Building Unicorns with Amrish Rau, CEO at Pine Labs

Amrish Rau, CEO of Pine Labs talks about Building Unicorns at Techtonic Shift, an event by Masai

Building Unicorns with Amrish Rau, CEO at Pine Labs

Our first guest for our mega event - “Techtonic Shift” was Mr Amrish Rau who is perhaps one of the biggest names in the Fintech Industry, and also one of the key investors in Masai.

Amrish has played a key role in building 2 Unicorns in the Fintech space - Pine Labs, and PayU, and in this article, we learn about his thoughts on building startups and taking them to become unicorns.

How did you go from being a Sales manager to building Unicorns?

Right from my childhood, I remember being confident, and comfortable with my own thoughts. Being active in sports further allowed me to develop confidence, and that backed by my ambition to do big things in life has undoubtedly paved the way for me to grow faster in my career.

I’ve been impatient with learning, and my ability to ask questions and learn like a sponge definitely helped me transform from an employee to a leader, and an entrepreneur.

How did you go about building 2 unicorns?

Success for me has been an amalgamation of the simplest things in life - From writing down everything that needed to get done to always being proactive in completing them, I’ve focused on building little habits.

  • Delivering value & creating impact come first
  • High level of self-confidence
  • Comfortable in my own thinking process
  • Wanting to build something
  • Big ambitions
  • Extremely impatient to learn
  • Learning like a sponge, from my seniors, and juniors - Keenly observing and constantly learning
  1. Delivering value & creating impact come first: This means that the focus is on creating products or services that genuinely benefit and make a difference in the lives of customers. Rather than just pursuing profit, the priority is delivering real value and positively impacting society or the industry.
  2. High level of self-confidence: Building unicorns demands unwavering self-confidence. It's about believing in your abilities, vision, and capacity to overcome obstacles and setbacks. Confidence is crucial when facing the numerous challenges that come with entrepreneurship.
  3. Big ambitions: Building unicorns requires thinking big. It's about setting audacious goals and having the determination to pursue them relentlessly. Big ambitions are the driving force behind the growth and scale of these companies.
  4. Extremely impatient to learn implies a strong thirst for knowledge and a sense of urgency in acquiring new skills and insights. In the fast-paced world of startups, continuous learning is essential for adapting to changing circumstances and staying competitive.Learning like a sponge from my seniors and juniors - Keenly observing and constantly learning: Successful entrepreneurs are lifelong learners. They not only learn from their own experiences but also from the wisdom of mentors and the fresh perspectives of younger team members. They are open to feedback, insights, and lessons from all levels of the organisation.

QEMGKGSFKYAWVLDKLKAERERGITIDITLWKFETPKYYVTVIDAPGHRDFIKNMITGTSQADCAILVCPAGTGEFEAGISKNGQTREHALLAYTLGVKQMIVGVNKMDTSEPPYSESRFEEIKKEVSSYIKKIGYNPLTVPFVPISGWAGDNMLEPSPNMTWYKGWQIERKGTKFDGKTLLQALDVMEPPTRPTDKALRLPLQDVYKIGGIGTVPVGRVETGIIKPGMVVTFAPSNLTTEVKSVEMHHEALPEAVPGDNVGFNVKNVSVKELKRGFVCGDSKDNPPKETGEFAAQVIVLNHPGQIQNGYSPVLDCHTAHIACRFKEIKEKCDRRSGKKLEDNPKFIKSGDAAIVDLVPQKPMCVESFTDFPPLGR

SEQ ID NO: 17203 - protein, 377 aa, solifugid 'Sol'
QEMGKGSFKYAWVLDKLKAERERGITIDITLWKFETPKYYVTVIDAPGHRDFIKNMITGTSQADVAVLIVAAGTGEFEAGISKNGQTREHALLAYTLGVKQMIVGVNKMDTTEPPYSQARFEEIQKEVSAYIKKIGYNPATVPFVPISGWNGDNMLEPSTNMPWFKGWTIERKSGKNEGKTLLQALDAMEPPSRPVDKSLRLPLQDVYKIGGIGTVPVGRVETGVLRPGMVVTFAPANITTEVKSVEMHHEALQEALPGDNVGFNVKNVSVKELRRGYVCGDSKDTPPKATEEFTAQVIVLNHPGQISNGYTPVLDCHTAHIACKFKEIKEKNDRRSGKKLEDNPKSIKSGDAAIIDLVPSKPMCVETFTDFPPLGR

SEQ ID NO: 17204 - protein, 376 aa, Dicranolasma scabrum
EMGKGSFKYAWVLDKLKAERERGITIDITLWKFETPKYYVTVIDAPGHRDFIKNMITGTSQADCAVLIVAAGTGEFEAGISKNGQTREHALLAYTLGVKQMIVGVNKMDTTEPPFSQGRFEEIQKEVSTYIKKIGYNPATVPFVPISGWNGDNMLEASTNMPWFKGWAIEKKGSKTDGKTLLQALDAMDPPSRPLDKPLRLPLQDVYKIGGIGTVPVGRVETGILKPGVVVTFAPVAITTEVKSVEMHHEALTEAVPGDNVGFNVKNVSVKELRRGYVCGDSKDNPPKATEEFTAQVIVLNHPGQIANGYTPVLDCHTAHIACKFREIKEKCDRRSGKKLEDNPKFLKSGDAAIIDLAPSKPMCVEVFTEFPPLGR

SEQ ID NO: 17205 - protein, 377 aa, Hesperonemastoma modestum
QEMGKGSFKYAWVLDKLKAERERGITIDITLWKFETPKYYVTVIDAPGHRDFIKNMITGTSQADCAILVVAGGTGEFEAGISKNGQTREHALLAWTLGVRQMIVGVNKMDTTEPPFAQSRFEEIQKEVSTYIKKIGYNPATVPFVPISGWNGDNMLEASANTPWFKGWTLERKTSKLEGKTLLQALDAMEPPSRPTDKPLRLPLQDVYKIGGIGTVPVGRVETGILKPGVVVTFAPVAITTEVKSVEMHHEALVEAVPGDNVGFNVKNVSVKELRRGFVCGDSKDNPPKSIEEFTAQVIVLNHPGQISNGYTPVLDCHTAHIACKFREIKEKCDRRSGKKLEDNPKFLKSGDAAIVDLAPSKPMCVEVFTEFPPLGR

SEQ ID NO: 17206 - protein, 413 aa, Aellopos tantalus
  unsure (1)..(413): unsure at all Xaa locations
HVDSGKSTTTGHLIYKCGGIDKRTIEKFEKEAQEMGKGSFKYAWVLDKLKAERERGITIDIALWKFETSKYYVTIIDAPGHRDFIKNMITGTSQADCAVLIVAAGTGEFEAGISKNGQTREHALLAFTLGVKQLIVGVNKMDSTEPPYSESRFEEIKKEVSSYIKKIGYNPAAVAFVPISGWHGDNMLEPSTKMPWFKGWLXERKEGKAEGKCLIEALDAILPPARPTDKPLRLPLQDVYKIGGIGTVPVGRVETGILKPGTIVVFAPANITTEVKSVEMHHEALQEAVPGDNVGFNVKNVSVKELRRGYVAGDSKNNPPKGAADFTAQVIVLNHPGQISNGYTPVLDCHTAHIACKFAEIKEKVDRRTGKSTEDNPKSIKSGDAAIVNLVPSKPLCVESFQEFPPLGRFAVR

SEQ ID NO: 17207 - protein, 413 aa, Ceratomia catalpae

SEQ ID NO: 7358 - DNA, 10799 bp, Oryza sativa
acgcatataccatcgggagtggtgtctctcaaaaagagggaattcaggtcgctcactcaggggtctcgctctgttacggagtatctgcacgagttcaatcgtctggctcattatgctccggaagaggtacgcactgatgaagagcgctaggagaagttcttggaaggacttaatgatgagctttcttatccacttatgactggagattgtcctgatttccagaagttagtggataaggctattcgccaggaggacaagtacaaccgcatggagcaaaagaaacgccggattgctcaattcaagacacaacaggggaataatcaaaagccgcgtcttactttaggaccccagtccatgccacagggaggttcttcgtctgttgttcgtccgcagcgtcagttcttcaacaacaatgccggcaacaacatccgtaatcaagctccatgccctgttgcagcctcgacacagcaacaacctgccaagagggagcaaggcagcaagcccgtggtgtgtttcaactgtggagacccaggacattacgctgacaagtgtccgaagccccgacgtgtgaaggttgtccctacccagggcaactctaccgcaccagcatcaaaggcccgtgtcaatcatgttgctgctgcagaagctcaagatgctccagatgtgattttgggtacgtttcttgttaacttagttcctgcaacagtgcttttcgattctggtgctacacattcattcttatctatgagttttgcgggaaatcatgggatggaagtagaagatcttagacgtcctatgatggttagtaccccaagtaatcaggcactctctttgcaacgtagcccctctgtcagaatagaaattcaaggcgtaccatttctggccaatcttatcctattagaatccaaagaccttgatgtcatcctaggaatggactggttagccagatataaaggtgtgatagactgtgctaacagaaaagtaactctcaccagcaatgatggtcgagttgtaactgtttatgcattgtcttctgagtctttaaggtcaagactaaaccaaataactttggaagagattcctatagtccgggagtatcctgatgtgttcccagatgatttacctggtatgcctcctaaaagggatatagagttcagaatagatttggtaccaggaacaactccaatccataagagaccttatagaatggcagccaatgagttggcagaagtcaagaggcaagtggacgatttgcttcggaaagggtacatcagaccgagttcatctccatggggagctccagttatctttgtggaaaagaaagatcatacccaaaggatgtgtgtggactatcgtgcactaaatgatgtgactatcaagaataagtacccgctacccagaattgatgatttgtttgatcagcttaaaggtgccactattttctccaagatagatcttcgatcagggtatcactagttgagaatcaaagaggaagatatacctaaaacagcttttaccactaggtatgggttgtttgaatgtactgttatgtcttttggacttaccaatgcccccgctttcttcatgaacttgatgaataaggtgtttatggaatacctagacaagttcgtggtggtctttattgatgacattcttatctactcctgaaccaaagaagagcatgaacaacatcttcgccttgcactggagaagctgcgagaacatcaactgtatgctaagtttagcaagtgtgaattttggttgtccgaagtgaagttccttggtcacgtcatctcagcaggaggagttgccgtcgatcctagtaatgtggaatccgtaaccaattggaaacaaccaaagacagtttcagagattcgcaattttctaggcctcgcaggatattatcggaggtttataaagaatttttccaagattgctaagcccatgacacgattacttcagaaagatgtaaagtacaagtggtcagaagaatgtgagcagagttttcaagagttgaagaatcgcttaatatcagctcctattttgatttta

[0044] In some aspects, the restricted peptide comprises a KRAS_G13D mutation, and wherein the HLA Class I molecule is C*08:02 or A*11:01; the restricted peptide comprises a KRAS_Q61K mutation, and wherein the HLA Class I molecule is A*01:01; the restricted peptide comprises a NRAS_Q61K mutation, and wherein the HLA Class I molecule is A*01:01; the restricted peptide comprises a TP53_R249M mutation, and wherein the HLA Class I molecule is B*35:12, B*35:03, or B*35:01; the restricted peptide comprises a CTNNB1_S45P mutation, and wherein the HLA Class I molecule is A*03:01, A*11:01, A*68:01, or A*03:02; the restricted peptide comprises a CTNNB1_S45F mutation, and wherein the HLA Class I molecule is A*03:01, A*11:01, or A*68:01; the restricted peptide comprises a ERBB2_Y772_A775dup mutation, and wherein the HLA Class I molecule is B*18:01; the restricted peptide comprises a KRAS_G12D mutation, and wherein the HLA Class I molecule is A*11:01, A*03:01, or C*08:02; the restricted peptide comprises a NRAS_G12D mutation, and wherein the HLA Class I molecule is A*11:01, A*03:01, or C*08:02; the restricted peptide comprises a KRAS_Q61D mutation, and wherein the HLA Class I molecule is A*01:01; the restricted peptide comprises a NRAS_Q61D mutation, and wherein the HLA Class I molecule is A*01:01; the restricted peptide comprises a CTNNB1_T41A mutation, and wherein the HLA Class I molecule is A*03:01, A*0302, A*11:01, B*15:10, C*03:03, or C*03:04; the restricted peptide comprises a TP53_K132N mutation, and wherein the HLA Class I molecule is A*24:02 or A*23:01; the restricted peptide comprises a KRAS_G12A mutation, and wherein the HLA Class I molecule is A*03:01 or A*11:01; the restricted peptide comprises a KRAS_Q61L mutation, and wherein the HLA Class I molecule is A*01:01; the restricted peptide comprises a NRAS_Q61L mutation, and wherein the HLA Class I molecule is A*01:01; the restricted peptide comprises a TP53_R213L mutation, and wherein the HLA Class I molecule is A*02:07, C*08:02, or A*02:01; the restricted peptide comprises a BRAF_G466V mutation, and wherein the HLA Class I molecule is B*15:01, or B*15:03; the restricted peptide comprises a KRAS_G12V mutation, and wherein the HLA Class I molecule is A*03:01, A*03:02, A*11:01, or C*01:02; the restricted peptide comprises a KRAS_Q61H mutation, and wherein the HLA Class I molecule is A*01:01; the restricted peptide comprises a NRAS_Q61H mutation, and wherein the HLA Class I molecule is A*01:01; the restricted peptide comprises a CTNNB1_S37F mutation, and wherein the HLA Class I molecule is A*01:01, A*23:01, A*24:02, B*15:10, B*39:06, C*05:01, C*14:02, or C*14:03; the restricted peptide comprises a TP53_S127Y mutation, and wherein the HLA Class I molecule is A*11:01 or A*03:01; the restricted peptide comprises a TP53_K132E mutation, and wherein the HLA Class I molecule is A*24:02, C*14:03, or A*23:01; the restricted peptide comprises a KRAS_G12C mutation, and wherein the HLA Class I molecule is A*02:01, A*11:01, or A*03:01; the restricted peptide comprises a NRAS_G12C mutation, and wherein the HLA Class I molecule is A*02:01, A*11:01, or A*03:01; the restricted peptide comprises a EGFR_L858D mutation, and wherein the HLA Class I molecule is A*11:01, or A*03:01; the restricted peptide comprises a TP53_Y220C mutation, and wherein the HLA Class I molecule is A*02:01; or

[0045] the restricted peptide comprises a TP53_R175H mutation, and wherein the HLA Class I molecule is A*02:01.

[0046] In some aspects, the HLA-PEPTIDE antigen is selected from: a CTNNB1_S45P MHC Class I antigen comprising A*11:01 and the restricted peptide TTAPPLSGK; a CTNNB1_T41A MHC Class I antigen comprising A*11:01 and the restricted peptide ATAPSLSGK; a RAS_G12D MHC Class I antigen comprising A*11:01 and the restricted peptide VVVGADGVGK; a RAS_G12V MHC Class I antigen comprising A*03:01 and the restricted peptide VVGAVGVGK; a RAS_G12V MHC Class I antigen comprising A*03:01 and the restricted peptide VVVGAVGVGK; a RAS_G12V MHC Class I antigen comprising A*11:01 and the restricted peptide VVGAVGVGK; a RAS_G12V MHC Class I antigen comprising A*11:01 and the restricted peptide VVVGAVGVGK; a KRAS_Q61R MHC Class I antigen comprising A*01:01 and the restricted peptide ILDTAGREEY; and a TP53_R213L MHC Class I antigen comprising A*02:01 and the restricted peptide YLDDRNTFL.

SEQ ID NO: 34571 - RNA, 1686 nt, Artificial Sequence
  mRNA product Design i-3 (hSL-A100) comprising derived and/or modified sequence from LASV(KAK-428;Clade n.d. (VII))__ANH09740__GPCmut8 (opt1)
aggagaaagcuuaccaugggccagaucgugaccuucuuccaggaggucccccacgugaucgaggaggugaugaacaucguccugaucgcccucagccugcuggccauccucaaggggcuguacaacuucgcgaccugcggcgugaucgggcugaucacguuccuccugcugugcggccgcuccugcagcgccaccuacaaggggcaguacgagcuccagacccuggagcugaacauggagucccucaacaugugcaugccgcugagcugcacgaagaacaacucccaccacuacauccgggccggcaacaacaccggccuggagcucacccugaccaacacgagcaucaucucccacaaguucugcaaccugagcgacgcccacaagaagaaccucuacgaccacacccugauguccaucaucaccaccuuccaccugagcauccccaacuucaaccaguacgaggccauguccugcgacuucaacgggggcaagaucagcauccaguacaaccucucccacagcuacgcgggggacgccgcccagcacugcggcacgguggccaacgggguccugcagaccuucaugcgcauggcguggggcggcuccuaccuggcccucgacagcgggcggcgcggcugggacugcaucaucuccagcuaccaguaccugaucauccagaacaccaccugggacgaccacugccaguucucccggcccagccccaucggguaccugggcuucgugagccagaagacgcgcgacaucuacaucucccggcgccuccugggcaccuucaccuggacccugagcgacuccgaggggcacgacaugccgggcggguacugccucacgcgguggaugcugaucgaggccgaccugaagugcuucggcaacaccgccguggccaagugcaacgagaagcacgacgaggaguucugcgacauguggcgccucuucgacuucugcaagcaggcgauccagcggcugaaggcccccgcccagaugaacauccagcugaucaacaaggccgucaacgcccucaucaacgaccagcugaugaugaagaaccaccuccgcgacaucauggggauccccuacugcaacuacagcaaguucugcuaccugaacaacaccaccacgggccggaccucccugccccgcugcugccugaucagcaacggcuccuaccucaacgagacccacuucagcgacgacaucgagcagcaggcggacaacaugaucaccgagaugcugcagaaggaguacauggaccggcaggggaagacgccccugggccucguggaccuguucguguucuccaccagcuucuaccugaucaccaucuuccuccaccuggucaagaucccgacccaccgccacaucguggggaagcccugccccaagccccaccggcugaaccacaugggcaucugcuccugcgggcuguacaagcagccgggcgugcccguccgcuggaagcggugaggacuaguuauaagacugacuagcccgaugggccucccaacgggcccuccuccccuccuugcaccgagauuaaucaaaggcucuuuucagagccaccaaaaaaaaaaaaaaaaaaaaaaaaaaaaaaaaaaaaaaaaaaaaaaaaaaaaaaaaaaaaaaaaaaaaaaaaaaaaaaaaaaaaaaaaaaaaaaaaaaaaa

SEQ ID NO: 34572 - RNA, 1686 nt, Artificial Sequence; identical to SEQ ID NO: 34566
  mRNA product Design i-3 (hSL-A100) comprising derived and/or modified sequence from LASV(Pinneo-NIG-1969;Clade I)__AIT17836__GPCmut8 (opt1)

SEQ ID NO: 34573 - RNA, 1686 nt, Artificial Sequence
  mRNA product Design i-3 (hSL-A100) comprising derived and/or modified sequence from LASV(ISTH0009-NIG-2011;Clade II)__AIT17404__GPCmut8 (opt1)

I believe success for me is a result of these little habits compounding to yield lifelong dividends.

Finding a Co-Founder

The relationship between Co-Founders is unique, and finding a Co-Founder can be tough, especially a Co-Founder who can complement your skills. Being able to establish a working relationship with them can get even tougher.

There are times when you need to deliver some tough news to the other person, and one should be comfortable with the idea of having difficult conversations. While building a company - It’s very important to have the right team.

Non-Negotiables while running a Business

3 absolutely important things that I look for in a business are -

  1. Tech First company - No matter who you are - A writer, or a strategist - You need to understand tech, and stay close to it. This doesn’t mean that you should be able to code, but
  2. Employee First - I often tell the people that join him to give him 4 years of their careers, and I will provide them with the space, and the freedom to express themselves, and learn that will help them in their holistic growth.
  3. No debate about the Market demand - I believe in solving for today where consumers are demanding solutions to be delivered today. I may not be able to pioneer a Tesla or a SpaceX, but strongly believe that there are 1000s of problems to be solved in the present.

Three fundamental criteria I consider indispensable when evaluating a business venture are: